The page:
Zaire is expected to compete for a starting quarterback job next year as a graduate transfer. He’s reportedly taken a visit to Wisconsin and plans to visit North Carolina as well, just two of several programs on the radar as Zaire looks to step in and win a starting Power 5 job.

 

 

 

ESPN’s Kiper & McShay: Kizer should return to Notre Dame

SOUTH BEND, IN - OCTOBER 29: DeShone Kizer #14 of the Notre Dame Fighting Irish drops back to pass during the game against the Miami Hurricanes at Notre Dame Stadium on October 29, 2016 in South Bend, Indiana.  (Photo by Michael Hickey/Getty Images)
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It’s evaluation season. With college football’s regular season over, the focus now turns to the stay-or-go decision that faces many of college football’s best players. Return for another season? Or head to the NFL?

That’s the big question facing DeShone Kizer. Viewed as a can’t-miss prospect by some earlier in the season, Kizer now awaits feedback from the NFL’s advisory board, who’ll give him either a first-round grade, a second-round grade, or none — essentially serving as a message to return to school.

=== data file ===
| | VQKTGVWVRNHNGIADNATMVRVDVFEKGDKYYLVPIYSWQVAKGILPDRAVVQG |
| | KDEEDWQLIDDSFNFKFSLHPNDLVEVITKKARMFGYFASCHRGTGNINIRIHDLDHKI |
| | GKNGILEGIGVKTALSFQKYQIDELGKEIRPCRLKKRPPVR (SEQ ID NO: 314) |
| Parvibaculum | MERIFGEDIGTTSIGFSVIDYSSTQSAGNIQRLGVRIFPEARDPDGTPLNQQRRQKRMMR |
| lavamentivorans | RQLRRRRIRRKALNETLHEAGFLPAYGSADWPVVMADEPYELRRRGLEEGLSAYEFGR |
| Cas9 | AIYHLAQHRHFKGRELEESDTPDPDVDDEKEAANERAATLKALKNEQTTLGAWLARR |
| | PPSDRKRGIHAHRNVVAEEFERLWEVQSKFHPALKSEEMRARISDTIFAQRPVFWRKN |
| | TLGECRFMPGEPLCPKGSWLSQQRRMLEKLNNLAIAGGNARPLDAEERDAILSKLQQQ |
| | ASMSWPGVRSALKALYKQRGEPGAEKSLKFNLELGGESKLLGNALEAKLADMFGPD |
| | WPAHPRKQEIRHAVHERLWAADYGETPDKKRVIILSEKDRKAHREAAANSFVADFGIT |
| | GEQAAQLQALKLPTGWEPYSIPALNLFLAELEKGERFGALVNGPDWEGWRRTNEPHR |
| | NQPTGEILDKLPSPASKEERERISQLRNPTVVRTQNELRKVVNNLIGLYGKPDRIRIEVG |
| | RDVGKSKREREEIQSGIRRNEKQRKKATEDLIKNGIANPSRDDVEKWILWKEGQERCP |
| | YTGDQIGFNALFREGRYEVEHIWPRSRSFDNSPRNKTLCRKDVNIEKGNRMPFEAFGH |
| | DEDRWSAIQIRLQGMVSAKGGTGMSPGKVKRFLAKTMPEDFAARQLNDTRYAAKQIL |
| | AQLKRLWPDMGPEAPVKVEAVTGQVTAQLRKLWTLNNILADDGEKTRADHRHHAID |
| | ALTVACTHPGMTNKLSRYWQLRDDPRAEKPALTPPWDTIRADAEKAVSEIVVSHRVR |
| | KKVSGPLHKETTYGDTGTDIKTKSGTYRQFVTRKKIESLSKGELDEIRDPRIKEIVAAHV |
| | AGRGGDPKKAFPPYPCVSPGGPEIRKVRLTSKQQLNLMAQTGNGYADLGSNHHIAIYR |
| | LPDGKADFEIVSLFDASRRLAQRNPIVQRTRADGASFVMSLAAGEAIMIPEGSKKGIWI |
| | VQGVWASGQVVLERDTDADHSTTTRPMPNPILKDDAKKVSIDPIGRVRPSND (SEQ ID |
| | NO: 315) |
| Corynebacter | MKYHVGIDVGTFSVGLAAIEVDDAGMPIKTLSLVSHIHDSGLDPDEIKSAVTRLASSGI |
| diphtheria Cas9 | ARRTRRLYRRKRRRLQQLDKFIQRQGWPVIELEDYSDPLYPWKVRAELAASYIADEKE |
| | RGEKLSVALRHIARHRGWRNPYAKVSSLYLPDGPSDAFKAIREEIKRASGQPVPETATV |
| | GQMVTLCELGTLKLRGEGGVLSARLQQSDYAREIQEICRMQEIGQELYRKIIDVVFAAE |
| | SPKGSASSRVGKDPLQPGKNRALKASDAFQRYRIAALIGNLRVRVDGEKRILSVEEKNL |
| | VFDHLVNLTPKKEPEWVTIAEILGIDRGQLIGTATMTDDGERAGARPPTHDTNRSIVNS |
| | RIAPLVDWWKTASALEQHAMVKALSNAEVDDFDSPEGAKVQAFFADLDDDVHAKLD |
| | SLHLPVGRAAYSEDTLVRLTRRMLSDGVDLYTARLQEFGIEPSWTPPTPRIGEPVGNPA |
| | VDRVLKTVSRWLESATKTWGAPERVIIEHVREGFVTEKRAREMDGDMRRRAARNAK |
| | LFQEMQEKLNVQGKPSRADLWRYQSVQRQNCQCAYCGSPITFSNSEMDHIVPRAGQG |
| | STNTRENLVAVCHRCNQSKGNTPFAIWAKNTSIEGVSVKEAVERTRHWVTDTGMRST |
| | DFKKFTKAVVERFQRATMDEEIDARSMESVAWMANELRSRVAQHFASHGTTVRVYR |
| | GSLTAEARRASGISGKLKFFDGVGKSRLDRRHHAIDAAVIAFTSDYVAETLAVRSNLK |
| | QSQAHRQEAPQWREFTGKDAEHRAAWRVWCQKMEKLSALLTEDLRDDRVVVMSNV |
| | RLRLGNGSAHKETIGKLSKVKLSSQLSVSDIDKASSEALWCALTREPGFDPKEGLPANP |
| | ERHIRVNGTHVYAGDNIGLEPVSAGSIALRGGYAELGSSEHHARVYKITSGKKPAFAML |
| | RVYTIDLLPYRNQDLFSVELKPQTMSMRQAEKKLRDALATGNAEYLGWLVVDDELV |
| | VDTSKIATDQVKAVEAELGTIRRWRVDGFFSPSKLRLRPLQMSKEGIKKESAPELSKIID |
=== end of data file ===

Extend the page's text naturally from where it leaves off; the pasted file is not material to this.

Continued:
That feedback is something Kizer’s requested, with Brian Kelly revealing that Kizer is one of four underclassmen requesting a review, joined by Mike McGlinchey, Nyles Morgan and Quenton Nelson. 

And while most still think it’s merely a formality before Kizer heads to the NFL, two of the media’s most well-established pundits, ESPN’s Mel Kiper and Todd McShay, are among those who actually think Kizer should stay in school.

In ESPN’s 25 questions about the 2017 NFL Draft, Kiper and McShay focus their attention on potential first-round quarterbacks:

There’s really only one guy right now, and he might not even enter the draft. That’s North Carolina’s Mitch Trubisky, a fourth-year junior who is in his first season as the starter. Trubisky has thrown 28 touchdown passes to only four interceptions, but he’s still green — with another year of seasoning, he could be the No. 1 pick in the 2018 draft. He’s not ready to play right away in the NFL.

I don’t see any other first-rounders in the group. Notre Dame’s DeShone Kizer, a third-year sophomore, has to go back to school. Clemson’s Deshaun Watson has taken a step back this season. Underclassmen Luke Falkand Patrick Mahomes could use another year in school, and they don’t project as first-rounders.